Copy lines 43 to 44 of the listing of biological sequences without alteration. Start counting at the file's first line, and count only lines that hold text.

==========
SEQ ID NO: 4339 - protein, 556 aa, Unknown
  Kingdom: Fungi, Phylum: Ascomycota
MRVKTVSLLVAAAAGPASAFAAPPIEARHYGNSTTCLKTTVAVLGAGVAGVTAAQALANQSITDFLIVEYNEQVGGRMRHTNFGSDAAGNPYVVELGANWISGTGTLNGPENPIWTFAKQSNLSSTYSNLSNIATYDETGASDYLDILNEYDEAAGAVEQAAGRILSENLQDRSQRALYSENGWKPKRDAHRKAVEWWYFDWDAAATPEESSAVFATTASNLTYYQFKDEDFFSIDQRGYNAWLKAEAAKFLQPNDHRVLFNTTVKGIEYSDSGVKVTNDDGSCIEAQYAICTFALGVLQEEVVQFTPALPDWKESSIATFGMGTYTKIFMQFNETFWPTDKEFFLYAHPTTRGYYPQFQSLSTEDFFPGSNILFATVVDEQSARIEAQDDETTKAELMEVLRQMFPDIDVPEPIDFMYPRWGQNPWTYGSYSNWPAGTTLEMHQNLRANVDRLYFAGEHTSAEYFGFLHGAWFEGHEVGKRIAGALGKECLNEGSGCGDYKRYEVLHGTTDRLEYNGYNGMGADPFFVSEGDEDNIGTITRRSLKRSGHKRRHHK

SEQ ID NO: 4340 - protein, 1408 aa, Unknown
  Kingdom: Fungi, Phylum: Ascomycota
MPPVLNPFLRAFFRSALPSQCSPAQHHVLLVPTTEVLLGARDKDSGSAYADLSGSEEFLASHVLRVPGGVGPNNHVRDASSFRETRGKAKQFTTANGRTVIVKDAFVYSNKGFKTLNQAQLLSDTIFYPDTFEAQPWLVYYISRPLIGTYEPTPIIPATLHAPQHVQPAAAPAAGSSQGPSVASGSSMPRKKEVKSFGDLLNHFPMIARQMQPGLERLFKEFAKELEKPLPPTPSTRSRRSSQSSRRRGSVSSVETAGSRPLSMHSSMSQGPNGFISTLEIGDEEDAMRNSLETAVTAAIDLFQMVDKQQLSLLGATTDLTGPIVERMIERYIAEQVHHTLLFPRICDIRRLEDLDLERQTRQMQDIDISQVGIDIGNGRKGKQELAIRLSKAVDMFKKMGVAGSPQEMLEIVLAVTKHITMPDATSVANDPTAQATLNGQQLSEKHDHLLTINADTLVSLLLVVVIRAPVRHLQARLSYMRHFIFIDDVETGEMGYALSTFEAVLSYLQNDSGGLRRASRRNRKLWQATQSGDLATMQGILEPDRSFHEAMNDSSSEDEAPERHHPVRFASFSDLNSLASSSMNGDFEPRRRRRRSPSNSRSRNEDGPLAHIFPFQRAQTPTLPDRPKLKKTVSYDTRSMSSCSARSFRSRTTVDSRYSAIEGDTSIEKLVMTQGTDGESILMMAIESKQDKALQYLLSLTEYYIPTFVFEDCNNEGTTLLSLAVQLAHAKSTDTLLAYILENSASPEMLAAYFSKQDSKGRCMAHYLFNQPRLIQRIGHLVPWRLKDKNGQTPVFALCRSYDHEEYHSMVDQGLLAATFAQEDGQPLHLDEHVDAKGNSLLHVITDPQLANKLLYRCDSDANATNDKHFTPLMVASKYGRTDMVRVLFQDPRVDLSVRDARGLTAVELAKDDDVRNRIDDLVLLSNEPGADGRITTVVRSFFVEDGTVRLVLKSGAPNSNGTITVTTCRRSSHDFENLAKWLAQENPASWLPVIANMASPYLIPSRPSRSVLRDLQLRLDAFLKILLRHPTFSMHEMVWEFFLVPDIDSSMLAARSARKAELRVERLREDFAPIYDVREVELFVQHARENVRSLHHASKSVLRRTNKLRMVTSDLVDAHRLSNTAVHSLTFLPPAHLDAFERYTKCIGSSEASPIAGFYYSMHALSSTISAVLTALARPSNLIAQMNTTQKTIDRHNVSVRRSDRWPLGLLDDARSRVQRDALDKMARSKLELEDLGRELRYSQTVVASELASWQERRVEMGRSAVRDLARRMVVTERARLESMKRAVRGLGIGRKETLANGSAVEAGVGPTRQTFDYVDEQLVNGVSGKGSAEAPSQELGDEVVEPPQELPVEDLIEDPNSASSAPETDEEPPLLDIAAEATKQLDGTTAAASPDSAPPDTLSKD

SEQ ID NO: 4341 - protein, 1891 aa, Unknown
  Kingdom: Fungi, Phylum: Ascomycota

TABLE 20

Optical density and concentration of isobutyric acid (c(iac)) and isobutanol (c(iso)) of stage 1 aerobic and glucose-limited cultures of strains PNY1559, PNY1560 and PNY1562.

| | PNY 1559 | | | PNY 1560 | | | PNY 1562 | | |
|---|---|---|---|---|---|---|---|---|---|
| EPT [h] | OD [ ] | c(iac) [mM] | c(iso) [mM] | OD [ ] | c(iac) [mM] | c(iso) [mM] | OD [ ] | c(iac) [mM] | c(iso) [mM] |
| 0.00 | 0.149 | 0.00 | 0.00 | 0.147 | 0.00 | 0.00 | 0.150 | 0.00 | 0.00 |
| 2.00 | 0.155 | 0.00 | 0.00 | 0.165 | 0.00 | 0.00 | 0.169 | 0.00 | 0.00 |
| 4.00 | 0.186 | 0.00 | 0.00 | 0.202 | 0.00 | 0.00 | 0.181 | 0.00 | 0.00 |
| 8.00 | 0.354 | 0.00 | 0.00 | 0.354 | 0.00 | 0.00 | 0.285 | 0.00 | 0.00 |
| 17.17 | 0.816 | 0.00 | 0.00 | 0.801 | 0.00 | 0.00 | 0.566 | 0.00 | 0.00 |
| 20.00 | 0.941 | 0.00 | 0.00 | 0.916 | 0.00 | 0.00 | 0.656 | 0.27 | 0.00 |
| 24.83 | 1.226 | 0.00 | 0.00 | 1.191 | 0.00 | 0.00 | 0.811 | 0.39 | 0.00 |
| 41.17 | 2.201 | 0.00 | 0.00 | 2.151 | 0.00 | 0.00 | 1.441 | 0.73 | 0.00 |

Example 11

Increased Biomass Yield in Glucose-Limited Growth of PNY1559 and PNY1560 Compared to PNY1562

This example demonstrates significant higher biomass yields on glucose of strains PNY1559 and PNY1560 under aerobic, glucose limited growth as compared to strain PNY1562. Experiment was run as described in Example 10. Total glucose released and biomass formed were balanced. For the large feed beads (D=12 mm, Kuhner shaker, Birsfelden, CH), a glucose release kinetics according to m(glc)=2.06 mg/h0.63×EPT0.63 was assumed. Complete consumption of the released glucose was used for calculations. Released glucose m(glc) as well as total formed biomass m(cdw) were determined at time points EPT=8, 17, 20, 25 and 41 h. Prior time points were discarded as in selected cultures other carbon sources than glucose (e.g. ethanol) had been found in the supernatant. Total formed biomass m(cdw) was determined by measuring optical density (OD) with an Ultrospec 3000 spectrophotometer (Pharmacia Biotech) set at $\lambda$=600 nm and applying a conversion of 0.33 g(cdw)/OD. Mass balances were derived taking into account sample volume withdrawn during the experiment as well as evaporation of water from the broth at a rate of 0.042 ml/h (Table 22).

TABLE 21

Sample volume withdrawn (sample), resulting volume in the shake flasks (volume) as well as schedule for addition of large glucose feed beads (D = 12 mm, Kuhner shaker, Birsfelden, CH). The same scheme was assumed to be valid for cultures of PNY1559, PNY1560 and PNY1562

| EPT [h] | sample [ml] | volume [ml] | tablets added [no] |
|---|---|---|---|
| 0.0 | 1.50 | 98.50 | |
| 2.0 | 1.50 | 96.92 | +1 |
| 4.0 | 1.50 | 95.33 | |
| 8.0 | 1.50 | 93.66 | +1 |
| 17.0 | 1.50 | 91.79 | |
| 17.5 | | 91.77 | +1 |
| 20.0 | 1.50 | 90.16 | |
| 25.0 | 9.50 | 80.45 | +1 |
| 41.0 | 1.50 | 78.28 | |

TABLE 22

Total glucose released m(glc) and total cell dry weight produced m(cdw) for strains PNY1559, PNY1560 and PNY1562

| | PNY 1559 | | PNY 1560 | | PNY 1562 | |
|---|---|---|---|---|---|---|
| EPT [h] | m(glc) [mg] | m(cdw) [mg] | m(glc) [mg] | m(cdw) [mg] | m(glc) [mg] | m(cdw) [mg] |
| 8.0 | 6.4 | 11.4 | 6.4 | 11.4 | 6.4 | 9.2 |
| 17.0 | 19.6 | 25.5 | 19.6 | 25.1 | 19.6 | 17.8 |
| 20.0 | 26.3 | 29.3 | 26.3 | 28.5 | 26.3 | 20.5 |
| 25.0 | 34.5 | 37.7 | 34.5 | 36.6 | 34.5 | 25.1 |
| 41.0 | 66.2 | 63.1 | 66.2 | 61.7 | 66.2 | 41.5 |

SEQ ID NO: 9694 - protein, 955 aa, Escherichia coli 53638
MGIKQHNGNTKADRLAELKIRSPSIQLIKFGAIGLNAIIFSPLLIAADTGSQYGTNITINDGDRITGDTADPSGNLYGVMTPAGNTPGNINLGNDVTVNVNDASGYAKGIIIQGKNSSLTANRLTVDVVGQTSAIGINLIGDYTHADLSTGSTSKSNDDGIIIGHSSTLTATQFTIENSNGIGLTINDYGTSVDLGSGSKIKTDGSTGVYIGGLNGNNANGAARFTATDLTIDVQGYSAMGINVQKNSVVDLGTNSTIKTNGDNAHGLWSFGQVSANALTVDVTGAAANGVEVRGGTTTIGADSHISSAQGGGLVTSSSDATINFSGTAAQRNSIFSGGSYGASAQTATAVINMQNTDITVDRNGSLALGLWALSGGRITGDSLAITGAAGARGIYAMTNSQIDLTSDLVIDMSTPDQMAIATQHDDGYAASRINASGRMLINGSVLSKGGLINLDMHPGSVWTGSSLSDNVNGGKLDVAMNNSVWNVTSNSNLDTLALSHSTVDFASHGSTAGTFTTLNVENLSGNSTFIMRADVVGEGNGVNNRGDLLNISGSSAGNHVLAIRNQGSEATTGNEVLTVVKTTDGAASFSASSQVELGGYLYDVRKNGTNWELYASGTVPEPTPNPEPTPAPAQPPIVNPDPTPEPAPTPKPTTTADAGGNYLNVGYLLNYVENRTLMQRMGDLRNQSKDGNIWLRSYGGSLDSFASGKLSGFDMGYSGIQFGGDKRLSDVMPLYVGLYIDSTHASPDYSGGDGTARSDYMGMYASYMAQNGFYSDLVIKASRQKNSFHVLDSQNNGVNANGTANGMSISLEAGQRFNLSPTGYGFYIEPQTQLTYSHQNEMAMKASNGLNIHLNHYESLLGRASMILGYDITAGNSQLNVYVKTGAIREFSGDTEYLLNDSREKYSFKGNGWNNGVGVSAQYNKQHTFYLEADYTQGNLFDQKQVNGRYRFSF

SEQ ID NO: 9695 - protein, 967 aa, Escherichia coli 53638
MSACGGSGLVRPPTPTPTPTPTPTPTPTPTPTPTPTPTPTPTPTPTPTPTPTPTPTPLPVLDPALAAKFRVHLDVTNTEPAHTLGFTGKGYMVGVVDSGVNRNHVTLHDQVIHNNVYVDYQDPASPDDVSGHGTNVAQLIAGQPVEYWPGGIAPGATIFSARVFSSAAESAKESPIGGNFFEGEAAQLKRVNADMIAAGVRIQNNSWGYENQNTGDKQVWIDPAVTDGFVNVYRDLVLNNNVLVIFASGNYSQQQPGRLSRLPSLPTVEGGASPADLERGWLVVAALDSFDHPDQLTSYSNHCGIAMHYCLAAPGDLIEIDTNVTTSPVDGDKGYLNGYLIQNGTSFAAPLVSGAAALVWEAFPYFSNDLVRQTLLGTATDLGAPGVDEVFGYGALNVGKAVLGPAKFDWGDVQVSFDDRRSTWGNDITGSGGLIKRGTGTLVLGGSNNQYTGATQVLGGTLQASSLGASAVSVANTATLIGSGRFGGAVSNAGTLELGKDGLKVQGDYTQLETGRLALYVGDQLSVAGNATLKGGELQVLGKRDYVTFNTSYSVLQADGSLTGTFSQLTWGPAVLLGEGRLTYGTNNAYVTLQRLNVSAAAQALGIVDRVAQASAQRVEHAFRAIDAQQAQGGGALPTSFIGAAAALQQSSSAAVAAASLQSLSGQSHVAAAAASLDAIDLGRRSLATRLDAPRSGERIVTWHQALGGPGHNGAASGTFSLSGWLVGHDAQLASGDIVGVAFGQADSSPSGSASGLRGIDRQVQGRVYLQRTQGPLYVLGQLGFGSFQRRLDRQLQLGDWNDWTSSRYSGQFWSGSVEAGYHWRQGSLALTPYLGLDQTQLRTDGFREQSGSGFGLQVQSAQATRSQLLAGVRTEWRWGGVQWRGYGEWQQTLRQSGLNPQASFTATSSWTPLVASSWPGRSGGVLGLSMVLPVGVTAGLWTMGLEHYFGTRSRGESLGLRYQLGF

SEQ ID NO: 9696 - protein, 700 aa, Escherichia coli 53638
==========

| 8.0 | 6.4 | 11.4 | 6.4 | 11.4 | 6.4 | 9.2 |
| 17.0 | 19.6 | 25.5 | 19.6 | 25.1 | 19.6 | 17.8 |